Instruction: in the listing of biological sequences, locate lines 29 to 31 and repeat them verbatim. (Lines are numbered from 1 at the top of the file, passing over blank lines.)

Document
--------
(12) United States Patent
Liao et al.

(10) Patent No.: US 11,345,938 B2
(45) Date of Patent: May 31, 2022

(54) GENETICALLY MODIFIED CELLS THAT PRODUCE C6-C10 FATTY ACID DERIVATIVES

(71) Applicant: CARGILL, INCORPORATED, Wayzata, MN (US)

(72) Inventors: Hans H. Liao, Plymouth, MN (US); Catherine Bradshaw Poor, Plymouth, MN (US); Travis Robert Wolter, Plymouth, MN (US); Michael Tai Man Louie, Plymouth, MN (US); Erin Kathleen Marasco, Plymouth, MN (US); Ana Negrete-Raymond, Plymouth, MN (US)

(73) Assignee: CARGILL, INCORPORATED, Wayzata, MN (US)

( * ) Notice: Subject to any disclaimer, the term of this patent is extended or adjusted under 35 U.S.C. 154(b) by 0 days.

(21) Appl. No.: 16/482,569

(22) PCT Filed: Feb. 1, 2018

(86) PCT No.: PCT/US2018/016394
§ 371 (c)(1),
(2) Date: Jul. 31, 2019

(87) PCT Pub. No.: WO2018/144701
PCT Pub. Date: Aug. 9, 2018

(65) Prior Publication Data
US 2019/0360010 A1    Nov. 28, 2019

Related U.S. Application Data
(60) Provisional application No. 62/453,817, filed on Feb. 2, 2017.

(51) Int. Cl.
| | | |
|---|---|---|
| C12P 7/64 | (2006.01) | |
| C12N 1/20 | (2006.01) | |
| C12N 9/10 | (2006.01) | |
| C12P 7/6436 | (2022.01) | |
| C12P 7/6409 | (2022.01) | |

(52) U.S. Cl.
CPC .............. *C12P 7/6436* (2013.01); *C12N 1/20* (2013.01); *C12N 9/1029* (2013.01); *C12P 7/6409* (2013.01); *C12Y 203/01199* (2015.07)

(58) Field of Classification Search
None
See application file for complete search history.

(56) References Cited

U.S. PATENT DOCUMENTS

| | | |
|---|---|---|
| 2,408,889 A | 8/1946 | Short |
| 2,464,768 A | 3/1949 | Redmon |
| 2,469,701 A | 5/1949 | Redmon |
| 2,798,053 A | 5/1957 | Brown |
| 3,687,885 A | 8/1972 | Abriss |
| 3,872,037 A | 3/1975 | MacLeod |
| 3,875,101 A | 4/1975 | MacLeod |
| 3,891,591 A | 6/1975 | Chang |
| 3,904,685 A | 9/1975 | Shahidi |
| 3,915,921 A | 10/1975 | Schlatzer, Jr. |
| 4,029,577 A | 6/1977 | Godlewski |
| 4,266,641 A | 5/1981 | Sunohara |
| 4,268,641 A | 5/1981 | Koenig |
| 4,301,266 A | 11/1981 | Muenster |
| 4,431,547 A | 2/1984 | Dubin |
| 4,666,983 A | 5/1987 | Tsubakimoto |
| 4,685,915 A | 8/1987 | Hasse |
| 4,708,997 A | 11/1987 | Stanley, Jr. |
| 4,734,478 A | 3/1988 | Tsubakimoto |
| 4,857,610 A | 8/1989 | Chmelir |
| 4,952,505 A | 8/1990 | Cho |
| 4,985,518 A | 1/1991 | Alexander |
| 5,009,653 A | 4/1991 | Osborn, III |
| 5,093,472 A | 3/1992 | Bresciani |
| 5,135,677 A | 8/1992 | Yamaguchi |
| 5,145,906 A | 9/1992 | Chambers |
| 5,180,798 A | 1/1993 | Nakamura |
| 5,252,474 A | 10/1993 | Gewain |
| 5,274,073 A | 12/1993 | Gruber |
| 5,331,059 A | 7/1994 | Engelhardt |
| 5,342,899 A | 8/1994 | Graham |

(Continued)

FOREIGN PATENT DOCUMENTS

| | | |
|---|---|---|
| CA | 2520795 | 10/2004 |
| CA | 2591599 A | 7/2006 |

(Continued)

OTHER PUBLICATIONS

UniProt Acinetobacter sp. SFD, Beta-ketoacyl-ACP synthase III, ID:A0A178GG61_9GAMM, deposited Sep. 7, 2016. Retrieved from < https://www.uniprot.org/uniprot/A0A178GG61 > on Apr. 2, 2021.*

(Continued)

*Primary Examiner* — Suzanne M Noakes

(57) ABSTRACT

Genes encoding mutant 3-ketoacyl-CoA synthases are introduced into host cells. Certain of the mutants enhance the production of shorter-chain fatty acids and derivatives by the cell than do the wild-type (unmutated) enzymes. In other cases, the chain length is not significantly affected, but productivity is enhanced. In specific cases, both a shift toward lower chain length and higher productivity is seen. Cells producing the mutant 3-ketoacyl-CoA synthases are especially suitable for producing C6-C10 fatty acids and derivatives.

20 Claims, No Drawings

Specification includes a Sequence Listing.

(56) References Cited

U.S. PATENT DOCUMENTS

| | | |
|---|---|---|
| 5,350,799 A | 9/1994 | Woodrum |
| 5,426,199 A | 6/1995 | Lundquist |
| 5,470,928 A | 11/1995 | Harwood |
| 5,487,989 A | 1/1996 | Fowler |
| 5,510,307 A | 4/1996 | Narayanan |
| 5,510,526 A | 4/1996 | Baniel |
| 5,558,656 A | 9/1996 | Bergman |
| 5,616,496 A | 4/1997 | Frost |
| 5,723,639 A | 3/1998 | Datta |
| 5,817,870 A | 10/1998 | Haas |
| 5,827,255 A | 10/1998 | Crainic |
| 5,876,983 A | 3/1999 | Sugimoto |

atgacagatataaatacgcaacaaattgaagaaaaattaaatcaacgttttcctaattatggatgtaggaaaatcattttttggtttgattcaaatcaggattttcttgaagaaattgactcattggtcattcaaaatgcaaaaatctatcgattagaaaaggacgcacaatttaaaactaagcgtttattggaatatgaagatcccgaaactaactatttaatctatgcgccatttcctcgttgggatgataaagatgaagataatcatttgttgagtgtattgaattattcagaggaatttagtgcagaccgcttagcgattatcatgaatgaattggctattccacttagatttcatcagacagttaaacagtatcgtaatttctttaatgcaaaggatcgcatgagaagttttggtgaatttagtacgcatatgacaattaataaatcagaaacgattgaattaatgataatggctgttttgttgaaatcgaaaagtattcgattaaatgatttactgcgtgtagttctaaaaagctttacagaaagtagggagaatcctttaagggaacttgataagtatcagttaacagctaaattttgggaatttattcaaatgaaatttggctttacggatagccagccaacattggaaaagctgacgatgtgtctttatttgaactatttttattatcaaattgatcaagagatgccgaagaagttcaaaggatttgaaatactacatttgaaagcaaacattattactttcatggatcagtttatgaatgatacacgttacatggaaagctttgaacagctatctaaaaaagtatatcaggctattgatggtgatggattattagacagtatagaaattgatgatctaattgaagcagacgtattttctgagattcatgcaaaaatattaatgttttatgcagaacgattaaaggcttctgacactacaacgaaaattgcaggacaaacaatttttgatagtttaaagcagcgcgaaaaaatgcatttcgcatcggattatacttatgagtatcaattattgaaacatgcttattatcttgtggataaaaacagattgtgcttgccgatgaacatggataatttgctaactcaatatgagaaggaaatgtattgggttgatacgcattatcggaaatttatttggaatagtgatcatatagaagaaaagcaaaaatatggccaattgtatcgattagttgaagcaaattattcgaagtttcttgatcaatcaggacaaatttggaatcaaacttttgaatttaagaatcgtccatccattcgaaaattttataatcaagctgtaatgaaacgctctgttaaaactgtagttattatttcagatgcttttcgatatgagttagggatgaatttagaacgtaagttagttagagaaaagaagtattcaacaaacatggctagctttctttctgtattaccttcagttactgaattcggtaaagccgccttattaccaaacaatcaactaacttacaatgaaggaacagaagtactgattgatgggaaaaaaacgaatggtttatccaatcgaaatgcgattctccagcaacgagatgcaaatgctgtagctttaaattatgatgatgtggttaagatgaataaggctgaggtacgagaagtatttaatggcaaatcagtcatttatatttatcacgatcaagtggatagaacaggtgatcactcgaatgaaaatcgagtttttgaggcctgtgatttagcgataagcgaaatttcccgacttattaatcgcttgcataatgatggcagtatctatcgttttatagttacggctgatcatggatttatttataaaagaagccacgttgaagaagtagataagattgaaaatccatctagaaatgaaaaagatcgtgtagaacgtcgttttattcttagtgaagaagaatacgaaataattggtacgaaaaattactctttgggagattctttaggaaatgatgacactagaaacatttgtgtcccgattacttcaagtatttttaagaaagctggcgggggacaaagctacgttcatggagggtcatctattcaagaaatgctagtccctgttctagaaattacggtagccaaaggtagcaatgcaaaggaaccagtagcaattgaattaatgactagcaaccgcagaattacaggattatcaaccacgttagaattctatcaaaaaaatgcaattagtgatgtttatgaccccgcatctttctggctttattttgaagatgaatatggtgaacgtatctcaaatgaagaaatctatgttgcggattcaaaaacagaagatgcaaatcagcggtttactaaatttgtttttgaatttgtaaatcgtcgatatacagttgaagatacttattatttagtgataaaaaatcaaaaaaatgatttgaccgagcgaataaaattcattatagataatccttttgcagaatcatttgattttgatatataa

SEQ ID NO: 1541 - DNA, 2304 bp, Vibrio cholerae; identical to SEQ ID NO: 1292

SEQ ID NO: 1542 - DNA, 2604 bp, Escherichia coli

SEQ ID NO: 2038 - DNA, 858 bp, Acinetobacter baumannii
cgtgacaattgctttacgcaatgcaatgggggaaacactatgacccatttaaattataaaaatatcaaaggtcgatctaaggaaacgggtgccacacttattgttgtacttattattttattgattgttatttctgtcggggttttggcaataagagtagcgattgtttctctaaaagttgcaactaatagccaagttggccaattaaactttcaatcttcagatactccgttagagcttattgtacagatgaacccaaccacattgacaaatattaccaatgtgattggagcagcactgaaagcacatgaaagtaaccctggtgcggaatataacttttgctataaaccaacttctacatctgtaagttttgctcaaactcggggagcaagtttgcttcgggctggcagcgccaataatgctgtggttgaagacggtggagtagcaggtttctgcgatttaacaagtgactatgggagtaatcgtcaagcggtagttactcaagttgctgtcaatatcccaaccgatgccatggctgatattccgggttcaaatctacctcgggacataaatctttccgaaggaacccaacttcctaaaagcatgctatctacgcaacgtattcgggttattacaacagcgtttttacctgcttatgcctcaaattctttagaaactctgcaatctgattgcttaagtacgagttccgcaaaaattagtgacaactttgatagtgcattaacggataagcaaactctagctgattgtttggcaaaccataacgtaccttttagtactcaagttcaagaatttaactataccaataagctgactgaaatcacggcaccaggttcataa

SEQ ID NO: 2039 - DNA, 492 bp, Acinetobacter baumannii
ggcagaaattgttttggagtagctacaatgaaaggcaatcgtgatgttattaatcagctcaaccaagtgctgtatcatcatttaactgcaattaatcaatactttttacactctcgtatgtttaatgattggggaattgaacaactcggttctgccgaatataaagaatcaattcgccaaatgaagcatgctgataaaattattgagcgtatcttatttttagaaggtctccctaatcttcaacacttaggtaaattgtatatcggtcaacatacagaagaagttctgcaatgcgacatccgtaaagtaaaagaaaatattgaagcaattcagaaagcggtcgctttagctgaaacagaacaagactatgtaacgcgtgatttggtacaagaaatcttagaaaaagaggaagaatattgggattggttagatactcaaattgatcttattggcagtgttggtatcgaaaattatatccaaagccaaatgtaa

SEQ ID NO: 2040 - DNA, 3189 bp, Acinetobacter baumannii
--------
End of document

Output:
(52) U.S. Cl.
CPC .............. *C12P 7/6436* (2013.01); *C12N 1/20* (2013.01); *C12N 9/1029* (2013.01); *C12P 7/6409* (2013.01); *C12Y 203/01199* (2015.07)

(58) Field of Classification Search